The NRA logo on a sign at the group's 2024 conference
The NRA logo on a sign at the group's 2024 conference / Stephen Gutowski

SCOTUS Unanimously Sides With NRA in First Amendment Case

A New York official’s attempts to push financial institutions to drop their relationships with the National Rifle Association over the group’s pro-gun views ran afoul of the Constitution.

That was the unanimous ruling handed down by the Supreme Court of the United States (SCOTUS) on Thursday. The High Court overturned a lower court ruling in favor of former New York Department of Financial Services (DFS) superintendent Maria Vullo and sided with the NRA.

“[T]he Court holds that the NRA plausibly alleged that Vullo violated the First Amendment by coercing DFS-regulated entities to terminate their business relationships with the NRA in order to punish or suppress the NRA’s advocacy,” Justice Sonia Sotomayor, a Barack Obama appointee, wrote for the Court in NRA v. Vullo.

The ruling is a significant symbolic win for the beleaguered gun-rights group. While the decision doesn’t represent a final ruling in the case, it does establish what the NRA alleges Vullo did would constitute a Constitutional violation. That finding provides the group with ammunition in court as the case moves forward and in the public arena, where it has long asserted New York officials have attacked it on multiple fronts because of its political views.

Still, the case has no direct impact on the NRA’s civil corruption trial, where a New York jury found the group’s previous leadership liable for diverting millions in charitable assets toward personal expenses.

NRA v. Vullo stems from a series of 2018 letters and meetings between Vullo and insurers who backed NRA products in the state, including a concealed carry “insurance” program. She warned the companies, which she had regulatory power over, about the “reputational risk” of continuing to do business with the NRA or any other pro-gun group.

“Subject to compliance with applicable laws, the Department encourages its chartered and licensed financial institutions to continue evaluating and managing their risks, including reputational risks, that may arise from their dealings with the NRA or similar gun promotion organizations, if any, as well as continued assessment of compliance with their own codes of social responsibility,” Vullo wrote in the letter. “The Department encourages regulated institutions to review any relationships they have with the NRA or similar gun promotion organizations, and to take prompt actions to managing these risks and promote public health and safety.”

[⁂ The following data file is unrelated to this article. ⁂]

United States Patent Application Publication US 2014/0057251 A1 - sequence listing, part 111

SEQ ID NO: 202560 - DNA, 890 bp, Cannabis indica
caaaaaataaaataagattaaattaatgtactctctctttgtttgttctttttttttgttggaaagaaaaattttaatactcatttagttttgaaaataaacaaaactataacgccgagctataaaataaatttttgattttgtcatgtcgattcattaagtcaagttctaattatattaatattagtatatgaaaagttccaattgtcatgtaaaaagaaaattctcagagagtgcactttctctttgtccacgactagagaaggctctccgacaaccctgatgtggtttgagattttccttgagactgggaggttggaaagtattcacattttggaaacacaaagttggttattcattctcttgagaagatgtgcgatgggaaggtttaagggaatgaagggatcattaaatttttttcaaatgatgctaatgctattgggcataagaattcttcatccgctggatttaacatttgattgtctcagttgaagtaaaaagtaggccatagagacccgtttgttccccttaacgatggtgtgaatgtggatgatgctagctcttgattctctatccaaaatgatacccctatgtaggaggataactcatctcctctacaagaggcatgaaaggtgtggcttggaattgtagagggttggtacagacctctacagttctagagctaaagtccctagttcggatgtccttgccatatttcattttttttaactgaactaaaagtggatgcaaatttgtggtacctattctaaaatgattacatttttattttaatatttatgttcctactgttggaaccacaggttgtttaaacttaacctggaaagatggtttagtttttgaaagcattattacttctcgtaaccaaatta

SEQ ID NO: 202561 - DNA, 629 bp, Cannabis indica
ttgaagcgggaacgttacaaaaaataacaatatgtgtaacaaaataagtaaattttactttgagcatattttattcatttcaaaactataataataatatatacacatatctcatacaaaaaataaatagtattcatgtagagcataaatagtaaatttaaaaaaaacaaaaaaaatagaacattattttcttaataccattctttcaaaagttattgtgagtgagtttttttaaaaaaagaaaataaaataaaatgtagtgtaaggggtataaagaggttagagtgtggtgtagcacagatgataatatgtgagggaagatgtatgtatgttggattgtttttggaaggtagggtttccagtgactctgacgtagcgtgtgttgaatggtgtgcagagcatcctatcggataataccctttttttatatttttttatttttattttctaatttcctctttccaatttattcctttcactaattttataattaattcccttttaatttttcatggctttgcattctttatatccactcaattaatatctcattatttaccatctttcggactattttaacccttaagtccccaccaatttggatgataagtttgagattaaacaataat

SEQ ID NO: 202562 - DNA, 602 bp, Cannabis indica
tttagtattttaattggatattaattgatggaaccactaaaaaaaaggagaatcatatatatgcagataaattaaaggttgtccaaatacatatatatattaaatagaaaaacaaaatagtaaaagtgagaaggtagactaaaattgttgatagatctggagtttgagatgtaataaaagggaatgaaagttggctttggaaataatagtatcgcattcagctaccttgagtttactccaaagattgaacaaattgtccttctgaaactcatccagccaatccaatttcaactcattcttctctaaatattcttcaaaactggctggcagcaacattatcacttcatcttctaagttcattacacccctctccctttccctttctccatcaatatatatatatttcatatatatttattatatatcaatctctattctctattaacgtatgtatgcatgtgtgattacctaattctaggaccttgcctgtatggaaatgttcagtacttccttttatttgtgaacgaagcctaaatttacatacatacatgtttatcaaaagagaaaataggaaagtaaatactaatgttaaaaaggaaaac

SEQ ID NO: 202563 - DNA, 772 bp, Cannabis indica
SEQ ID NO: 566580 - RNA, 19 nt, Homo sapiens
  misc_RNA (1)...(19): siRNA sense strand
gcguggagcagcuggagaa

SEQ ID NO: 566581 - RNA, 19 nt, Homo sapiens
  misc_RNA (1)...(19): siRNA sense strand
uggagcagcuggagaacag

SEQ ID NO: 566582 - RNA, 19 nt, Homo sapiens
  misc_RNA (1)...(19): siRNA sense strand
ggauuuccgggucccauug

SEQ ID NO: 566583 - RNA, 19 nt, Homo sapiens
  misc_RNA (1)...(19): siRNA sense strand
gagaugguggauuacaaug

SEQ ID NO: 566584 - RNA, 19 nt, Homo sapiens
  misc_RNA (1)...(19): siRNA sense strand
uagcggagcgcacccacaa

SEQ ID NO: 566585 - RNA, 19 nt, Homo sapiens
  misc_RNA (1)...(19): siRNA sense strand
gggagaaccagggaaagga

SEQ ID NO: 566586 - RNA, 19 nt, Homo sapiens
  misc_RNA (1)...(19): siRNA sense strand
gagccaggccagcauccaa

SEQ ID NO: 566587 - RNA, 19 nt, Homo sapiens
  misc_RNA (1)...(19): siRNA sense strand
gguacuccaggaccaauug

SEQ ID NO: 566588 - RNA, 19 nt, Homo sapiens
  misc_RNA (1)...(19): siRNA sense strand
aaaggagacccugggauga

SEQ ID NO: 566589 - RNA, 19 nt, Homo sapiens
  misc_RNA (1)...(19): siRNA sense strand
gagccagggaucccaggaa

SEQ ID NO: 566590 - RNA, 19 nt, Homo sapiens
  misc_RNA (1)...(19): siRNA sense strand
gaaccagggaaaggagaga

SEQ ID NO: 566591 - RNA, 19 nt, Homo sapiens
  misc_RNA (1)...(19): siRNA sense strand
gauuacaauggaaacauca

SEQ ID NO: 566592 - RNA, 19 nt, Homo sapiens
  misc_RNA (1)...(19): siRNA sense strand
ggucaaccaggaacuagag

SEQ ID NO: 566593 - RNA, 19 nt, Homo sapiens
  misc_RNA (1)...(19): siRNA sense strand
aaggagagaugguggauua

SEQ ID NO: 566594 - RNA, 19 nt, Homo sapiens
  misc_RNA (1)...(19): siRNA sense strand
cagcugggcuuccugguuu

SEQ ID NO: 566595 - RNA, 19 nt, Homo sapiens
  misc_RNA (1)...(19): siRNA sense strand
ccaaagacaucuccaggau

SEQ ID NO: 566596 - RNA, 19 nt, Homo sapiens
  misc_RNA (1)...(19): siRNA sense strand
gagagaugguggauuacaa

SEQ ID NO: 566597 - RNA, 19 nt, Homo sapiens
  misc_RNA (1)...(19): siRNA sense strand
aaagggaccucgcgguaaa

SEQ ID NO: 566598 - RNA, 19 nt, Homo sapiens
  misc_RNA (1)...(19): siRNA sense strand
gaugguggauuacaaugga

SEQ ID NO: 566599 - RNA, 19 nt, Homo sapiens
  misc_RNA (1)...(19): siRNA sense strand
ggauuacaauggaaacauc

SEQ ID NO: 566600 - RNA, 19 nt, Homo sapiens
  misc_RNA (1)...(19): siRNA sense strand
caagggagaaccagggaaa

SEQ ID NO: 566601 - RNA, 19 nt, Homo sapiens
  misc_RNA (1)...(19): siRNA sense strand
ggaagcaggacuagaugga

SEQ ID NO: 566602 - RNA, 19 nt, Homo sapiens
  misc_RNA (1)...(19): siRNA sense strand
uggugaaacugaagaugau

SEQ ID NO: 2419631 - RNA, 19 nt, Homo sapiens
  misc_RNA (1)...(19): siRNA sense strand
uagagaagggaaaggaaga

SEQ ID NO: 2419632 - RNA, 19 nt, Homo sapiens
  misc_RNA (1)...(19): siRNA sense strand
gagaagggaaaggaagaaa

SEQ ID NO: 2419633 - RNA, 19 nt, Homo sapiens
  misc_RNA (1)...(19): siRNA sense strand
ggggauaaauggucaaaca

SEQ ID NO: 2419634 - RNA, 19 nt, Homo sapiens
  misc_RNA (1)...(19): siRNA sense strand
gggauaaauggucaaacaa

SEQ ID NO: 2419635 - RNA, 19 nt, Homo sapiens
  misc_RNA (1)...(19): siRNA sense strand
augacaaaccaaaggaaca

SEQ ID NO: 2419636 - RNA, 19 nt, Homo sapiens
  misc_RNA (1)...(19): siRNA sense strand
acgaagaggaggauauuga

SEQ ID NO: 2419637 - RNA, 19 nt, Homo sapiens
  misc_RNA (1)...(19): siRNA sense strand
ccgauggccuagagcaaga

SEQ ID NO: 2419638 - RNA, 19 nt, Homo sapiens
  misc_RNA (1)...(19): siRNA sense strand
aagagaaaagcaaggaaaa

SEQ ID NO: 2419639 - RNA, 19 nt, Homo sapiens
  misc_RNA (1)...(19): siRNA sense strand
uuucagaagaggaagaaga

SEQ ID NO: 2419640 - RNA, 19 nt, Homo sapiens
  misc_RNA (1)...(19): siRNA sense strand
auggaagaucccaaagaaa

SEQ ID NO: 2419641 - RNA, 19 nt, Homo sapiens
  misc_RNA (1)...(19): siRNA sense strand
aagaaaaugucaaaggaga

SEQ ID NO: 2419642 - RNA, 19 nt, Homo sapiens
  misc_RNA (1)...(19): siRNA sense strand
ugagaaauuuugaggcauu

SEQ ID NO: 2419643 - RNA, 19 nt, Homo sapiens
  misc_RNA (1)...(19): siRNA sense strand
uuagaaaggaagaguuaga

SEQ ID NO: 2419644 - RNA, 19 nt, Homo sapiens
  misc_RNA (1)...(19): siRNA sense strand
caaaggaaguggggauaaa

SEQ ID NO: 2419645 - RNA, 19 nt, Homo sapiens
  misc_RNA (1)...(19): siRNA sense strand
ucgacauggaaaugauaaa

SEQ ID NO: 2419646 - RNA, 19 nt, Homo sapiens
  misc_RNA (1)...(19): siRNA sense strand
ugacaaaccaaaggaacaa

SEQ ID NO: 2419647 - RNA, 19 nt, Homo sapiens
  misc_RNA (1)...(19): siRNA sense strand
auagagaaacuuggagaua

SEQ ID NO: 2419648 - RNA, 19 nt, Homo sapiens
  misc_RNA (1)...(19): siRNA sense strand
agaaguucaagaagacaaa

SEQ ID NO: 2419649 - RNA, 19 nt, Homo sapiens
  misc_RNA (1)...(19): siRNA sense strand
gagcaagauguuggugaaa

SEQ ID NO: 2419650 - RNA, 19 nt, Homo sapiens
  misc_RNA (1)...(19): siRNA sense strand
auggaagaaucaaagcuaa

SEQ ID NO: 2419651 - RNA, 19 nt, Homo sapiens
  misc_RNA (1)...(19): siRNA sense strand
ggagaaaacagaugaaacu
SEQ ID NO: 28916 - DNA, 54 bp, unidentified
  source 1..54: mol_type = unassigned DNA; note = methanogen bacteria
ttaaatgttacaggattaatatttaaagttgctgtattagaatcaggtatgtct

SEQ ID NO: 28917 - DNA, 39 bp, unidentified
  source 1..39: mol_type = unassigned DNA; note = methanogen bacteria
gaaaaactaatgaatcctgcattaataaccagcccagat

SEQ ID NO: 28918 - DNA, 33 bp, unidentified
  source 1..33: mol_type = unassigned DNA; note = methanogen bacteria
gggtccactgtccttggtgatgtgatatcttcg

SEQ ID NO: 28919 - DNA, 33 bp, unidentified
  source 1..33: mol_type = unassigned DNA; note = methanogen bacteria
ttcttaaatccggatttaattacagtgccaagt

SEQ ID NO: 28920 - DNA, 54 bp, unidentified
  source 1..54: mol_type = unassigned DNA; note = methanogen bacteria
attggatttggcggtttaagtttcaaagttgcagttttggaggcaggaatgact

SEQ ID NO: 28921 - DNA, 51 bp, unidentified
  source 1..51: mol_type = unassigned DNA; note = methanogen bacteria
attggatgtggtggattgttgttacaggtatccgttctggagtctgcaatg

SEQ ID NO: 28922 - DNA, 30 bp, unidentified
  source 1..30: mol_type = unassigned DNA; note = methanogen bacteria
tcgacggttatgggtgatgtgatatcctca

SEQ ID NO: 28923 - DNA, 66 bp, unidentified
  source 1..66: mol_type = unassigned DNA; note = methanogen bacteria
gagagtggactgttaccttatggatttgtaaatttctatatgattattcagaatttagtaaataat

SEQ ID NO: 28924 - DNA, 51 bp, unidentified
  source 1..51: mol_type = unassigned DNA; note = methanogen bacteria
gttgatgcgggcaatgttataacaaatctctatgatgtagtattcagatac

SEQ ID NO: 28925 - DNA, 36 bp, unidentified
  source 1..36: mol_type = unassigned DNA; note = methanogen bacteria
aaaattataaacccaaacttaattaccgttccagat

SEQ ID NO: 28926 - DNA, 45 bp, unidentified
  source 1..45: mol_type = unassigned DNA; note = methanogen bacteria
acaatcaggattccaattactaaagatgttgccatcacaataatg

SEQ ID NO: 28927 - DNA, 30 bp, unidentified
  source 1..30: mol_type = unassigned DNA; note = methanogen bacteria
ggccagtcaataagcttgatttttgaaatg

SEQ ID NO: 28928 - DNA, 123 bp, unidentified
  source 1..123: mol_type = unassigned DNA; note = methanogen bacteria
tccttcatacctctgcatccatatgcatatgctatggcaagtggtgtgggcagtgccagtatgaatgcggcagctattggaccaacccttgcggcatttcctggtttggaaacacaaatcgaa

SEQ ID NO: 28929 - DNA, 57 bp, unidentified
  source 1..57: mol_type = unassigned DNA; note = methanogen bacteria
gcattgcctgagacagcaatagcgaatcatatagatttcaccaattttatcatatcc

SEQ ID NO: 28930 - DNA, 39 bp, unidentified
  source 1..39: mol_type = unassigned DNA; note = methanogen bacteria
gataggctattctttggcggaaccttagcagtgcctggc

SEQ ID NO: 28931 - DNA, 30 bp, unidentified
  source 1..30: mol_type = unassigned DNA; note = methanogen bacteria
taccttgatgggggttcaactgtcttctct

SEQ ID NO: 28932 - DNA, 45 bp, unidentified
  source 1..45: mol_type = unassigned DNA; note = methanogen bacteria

Vullo told the insurers that other companies dropping the gun-rights group was an example of “good governance.”

“There is a fair amount of precedent in the business world where firms have implemented measures in areas such as the environment, healthcare, and civil rights in fulfilling their corporate social responsibility,” she said. “The recent actions of a number of financial institutions that severed their ties with the NRA and have taken other actions after the AR-15 style rifle killed 17 people in the school in Parkland, Florida, is an example of such a precedent.”

The NRA said her actions went beyond the public letters. It alleged she also had conversations with the NRA’s insurers, Lloyds of London and Lockton, in which she threatened their businesses if they didn’t cut ties with the gun-rights group. The groups did just that shortly after the alleged meetings.

In September 2022, a three-judge panel at the Second Circuit Court of Appeals reversed a lower court’s ruling in favor of the NRA. It ruled Vullo “acted reasonably and in good faith.”

“[W]e conclude that the NRA has failed to plausibly allege that Vullo ‘crossed the line ‘between attempts to convince and attempts to coerce,'” the panel wrote. “Moreover, even assuming that Vullo’s actions and statements were somehow coercive, we conclude further that her conduct here–taking actions and making statements in her various capacities as regulator, enforcement official, policymaker, and representative of New York State–did not violate clearly established law.”